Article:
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December 6, 2011 at 6:14 PM

Young entrepreneurs are riding the 520-toll hype

As the state Department of Transportation gears up to start tolling the old Highway 520 bridge on Dec. 29, a trio of young men in their 20s are preparing a new iPhone app called Toll Avoider, with this icon.


Motorists can leave an email address at to be notified when the 99-cent app is ready this month. When drivers type in a destination, the app will spit back the current toll on 520, the mileage for that route and one or two alternates including free I-90, and a Google map of the route chosen. Also, Toll Avoider is linked to Park Place, a directory of parking lots with current hourly rates.

David Foster, Jesse Leikin and Jordan Philipson operate SeaBalt Solutions in the basement of a live-work townhouse off Lake City Way Northeast. “At peak times it’s $10 round trip, which seems a bit high,” says Philipson of the 520 toll rates. If there is high customer demand, they would upgrade the app to show trip times based on current congestion.

David Dye, deputy secretary of WashDOT, doesn’t expect that such a service would affect toll income, because thousands of people will weigh many time and cost factors over several months, before traffic reaches “equilibrium” across Lake Washington.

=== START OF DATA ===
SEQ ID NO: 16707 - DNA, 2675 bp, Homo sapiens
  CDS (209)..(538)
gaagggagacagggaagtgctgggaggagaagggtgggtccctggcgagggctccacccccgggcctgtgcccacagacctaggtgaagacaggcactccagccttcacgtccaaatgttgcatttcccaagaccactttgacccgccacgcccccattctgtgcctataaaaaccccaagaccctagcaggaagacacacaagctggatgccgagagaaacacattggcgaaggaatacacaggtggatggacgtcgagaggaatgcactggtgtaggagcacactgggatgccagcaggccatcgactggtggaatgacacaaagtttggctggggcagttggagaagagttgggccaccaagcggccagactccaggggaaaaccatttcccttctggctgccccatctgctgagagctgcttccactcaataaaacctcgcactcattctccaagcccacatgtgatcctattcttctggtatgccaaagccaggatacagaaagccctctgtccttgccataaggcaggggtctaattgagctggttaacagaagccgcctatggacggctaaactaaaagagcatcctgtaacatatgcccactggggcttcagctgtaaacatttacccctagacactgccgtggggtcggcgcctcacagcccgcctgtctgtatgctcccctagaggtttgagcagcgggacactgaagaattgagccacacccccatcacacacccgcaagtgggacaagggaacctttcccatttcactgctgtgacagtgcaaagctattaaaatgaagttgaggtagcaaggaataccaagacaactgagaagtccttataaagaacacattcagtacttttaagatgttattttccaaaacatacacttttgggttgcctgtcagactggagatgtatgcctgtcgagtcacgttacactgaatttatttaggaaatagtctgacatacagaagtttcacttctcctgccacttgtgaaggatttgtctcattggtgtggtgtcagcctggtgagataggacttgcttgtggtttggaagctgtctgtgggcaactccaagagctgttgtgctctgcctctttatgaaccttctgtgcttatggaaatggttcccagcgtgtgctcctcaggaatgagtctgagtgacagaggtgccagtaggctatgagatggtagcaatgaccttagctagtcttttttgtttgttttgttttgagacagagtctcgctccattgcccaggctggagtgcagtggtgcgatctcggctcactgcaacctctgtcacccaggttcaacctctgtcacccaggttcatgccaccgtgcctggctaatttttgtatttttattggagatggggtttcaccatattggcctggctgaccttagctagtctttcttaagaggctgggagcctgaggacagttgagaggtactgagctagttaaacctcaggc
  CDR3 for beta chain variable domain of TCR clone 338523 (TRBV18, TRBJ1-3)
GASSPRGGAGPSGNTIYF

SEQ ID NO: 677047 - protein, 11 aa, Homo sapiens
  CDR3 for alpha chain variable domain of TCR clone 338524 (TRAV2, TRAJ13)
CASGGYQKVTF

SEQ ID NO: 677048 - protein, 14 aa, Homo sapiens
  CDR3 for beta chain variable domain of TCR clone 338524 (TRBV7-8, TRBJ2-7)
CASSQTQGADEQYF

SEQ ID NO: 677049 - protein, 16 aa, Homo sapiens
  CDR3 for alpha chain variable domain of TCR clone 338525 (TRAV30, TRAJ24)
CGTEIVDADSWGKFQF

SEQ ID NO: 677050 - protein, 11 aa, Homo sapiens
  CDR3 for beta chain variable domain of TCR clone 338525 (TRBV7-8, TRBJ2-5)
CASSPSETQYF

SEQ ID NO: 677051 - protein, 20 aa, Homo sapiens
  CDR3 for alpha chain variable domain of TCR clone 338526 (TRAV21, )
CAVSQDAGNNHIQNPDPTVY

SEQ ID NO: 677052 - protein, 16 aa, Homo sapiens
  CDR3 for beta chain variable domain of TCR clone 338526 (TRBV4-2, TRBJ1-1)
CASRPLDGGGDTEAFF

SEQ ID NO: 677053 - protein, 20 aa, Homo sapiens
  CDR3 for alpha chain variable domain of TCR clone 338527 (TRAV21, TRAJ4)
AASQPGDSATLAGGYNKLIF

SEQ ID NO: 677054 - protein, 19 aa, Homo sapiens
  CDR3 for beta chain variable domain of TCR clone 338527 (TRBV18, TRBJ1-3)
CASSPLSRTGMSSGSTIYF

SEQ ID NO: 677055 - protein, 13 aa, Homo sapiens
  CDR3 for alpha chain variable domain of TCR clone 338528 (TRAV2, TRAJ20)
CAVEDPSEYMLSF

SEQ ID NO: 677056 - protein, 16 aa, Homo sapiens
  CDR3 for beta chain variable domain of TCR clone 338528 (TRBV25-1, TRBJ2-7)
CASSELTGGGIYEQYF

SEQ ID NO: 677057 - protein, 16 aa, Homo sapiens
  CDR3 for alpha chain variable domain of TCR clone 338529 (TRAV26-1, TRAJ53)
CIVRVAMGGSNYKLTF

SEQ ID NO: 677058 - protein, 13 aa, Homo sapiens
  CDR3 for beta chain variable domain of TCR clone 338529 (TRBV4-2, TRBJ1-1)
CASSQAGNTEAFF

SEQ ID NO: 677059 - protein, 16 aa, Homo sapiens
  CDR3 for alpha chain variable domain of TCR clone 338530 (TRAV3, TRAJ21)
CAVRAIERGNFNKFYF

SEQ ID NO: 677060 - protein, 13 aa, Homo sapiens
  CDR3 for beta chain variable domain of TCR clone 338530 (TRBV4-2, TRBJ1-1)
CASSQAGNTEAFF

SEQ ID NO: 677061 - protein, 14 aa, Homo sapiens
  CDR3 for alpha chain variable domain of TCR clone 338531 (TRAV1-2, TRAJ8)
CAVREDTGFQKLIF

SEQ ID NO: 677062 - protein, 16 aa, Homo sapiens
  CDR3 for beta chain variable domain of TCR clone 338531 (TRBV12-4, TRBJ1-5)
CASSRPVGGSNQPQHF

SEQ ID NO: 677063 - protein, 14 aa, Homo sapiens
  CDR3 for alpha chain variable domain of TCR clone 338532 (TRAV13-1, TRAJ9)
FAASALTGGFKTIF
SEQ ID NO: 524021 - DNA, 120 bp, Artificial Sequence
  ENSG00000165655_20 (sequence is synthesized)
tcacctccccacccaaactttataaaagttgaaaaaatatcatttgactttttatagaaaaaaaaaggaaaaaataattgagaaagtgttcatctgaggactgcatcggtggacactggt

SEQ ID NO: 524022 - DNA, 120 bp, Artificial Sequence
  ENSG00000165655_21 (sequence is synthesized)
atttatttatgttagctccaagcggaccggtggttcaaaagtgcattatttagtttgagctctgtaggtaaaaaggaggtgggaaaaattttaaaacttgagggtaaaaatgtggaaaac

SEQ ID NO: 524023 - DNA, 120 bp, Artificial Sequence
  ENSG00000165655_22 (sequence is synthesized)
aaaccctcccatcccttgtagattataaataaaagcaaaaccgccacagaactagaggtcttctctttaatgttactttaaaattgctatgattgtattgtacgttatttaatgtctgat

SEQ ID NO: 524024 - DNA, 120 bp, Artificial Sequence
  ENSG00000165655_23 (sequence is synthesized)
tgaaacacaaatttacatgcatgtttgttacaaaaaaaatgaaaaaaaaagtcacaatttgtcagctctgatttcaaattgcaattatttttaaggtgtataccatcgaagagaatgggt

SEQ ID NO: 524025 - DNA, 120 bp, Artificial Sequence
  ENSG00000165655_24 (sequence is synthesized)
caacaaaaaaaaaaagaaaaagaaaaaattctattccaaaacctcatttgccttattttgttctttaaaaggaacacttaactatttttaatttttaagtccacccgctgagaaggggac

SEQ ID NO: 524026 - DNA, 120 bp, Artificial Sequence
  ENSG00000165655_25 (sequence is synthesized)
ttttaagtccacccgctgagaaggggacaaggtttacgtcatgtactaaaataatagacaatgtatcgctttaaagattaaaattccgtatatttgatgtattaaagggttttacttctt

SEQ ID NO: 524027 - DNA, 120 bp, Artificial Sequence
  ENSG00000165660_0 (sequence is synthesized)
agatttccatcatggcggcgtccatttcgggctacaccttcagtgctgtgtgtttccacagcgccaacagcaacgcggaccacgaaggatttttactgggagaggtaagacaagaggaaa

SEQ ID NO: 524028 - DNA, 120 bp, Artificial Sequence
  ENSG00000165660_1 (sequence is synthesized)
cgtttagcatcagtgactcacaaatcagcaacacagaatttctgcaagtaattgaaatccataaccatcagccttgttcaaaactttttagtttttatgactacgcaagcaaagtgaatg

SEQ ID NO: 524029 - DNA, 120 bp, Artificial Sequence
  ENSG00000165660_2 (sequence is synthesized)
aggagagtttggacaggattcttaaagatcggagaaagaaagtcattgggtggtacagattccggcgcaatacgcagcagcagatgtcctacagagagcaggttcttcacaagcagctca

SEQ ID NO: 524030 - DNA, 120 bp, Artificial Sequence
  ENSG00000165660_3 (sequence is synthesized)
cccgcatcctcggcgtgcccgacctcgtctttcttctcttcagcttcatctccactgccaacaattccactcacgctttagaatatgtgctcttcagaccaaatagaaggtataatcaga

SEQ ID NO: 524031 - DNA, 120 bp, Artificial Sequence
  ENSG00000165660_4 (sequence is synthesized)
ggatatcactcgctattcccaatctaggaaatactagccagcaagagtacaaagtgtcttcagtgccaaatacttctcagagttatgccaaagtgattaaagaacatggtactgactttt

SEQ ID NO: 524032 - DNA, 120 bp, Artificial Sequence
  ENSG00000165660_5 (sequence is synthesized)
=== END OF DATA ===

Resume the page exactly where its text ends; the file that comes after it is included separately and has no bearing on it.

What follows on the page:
“I think it’s great, we’ve spurred innovation in the private sector,” he jests.

Tolls of up to $3.50 each way — plus a $1.50 surcharge for those lacking a state Good to Go transponder — will begin during a low-traffic week, and just before a Dec. 31 deadline to launch variable pricing, under a $127 million federal grant agreement, that’s meant to test how the new tolls reduce congestion.


Transportation Secretary Paula Hammond has signed a certification note, dated Dec. 2, that says:

Based on extensive end-to-end system testing by WSDOT, assurances from the system vendor, and advice from the Tolling Expert Review Panel and external consulants, I certify the new statewide tolling operations center and photo toll system. I acknowledge that adjustments may be necessary during system stabilization.

Just what “adjustments” may be made is unclear, but Dye said some hiccups are possible when such a complex system goes live.

During the last major transition — a change of toll-collection firms at the new Tacoma Narrows Bridge this spring — some 4,300 or more drivers were mailed bogus citations. The state DOT stopped charging $52 penalties just last weekend (News Tribune coverage here), and will now collect “camera tolls” by mailing a bill to the home of drivers who don’t pay electronically or at a toll booth. Highway 520 will have electronic “Good to Go” payment and pay-by-mail, but no toll booths manned by guys like these:


Comments | More in General news | Topics: Department of Transportation, Highway 520 Bridge, Paula Hammond


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